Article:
Tuesday, January 29, 2013
You are 6 now. You are sweet, and stubborn, and slow to process, and wise with your words when they do come out. You ask questions that I find a little bit advanced for a 6 year old, like "Mom? What happens to bugs when they die? Do they have a bug Jesus? Are there bug grandmas to take care of baby bugs?" and at the Chick-fil-A drive thru (where else??): "Mom? There are two lanes. How does the lady at the window know which car to give what food? That seems like it'd be confusing."
You still think that a tornado is not high-velocity winds, but a bad man we hide from in the basement.
You are slow and tentative and quiet in new friendships, but once they are made, you are fiercely loyal. You talk constantly about Isaiah, Wyatt and Trey. Your teacher says, however, that most recess times you can be found wandering around by yourself, and you don't seem to mind.
Sometimes you are so slow in processing a response to a question someone has asked you that I get uncomfortable and speak for you. I am trying to stop that!!!!!!!!!
You are always thinking things through: your mind is always processing. You see the world in black and white. "This is bad, that is good." I think it helps you sleep at night; knowing you've got relative morality and all that by the tail. You turn on your little night light turtle and drift off to slay dragons.
When your belly is full the "I love you's" start flying. During a warm dinner of pork roast and potatoes you yodeled around a mouthful of food, "Mama, I love you 154 times." It's times like those that my hurting back, the endless dishes, the bedtime routine, none of it matters because I hvae this amazing little person who is growing up to be somebody.
You and your sister are either the best of friends or the worst of enemies. You are either playing like best friends or fighting like mortal enemies. There seems to be no middleland between you two. Sometimes I lament to your father, "When are they going to act a little more mature?"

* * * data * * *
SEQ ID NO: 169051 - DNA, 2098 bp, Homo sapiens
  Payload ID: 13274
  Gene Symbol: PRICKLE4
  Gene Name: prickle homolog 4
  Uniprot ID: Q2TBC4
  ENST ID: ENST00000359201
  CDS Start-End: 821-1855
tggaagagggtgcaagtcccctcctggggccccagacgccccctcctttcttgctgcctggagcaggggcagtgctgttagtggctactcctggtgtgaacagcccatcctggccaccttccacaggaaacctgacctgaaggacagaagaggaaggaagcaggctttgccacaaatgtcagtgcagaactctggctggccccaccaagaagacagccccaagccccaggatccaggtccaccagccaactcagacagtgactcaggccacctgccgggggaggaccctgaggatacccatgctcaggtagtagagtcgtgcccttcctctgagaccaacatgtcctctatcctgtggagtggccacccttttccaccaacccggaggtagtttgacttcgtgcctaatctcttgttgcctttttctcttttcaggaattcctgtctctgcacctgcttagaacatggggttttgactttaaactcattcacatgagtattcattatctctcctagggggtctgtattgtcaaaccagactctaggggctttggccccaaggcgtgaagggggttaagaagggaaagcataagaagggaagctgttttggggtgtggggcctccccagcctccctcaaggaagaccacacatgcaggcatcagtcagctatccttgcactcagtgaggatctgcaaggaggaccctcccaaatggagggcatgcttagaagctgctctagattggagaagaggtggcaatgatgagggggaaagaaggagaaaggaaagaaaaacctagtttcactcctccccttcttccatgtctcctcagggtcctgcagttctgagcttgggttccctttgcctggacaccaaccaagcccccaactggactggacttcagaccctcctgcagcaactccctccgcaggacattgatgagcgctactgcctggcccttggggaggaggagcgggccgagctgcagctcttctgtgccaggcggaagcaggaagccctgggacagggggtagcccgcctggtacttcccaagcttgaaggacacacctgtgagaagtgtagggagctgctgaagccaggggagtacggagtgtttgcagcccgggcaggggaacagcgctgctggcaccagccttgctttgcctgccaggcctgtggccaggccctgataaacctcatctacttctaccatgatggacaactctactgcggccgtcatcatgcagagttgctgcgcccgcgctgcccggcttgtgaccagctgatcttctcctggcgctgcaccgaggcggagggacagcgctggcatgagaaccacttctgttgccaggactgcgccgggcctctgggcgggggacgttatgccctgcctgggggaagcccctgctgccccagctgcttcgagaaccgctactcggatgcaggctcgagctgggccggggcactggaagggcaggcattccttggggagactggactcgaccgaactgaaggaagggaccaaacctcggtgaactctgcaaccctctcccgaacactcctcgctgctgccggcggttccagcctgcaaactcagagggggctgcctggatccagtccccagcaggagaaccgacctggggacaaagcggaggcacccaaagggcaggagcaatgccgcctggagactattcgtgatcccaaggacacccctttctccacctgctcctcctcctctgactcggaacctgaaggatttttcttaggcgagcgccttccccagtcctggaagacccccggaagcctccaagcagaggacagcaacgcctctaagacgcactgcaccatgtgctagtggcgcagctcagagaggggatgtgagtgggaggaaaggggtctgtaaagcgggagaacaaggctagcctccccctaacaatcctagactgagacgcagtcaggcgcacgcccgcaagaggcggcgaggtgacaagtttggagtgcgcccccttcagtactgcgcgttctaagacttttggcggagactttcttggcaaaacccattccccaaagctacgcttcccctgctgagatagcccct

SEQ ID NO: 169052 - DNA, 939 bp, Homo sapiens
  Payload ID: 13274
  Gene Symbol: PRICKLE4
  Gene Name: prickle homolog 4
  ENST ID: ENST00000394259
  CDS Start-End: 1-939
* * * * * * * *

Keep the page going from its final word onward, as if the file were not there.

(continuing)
Two nights ago we went to visit your great grandmother. She is 100 years old and has been continually saying, "I'm dying! I'm dying! I think I'm dying."
True to form, as soon as we opened the doors to the care center, you ran straight over to the junk food sitting on a table by sofa. You filled your pockets meticulously: Fig Newton in this one, Fig Newton in that, and one in your hand for the road. You tore open the first one and I wondered then if the only reason you're willing to come to see Grandma Bea is the free treats. Mothers wonder about children's character, you know.
We sat down with Grandma, and your little blond head in a baseball cap caught the eye of a woman sitting at Grandma's table. She was missing more than one tooth and had quite a few facial hairs, but, oh, her eyes lit up when she saw you.
She reached out a bony hand toward you, and I froze a little bit, wondering what you might do. I thought you might turn to me and tell me you wanted to go, or that you wanted ice cream, or some other little whim that children often have in times of crisis.
Wasn't I surprised when, left hand nervously on top of that little baseball cap, the right hand snuck over toward Ms. Olive's hand, so that she could reach it, and hold it, and remember not-so-long ago when her little boy looked just like you.
Yes, Asher. You are going to be somebody.
Posted by Rachel J at 1/29/2013 09:08:00 AM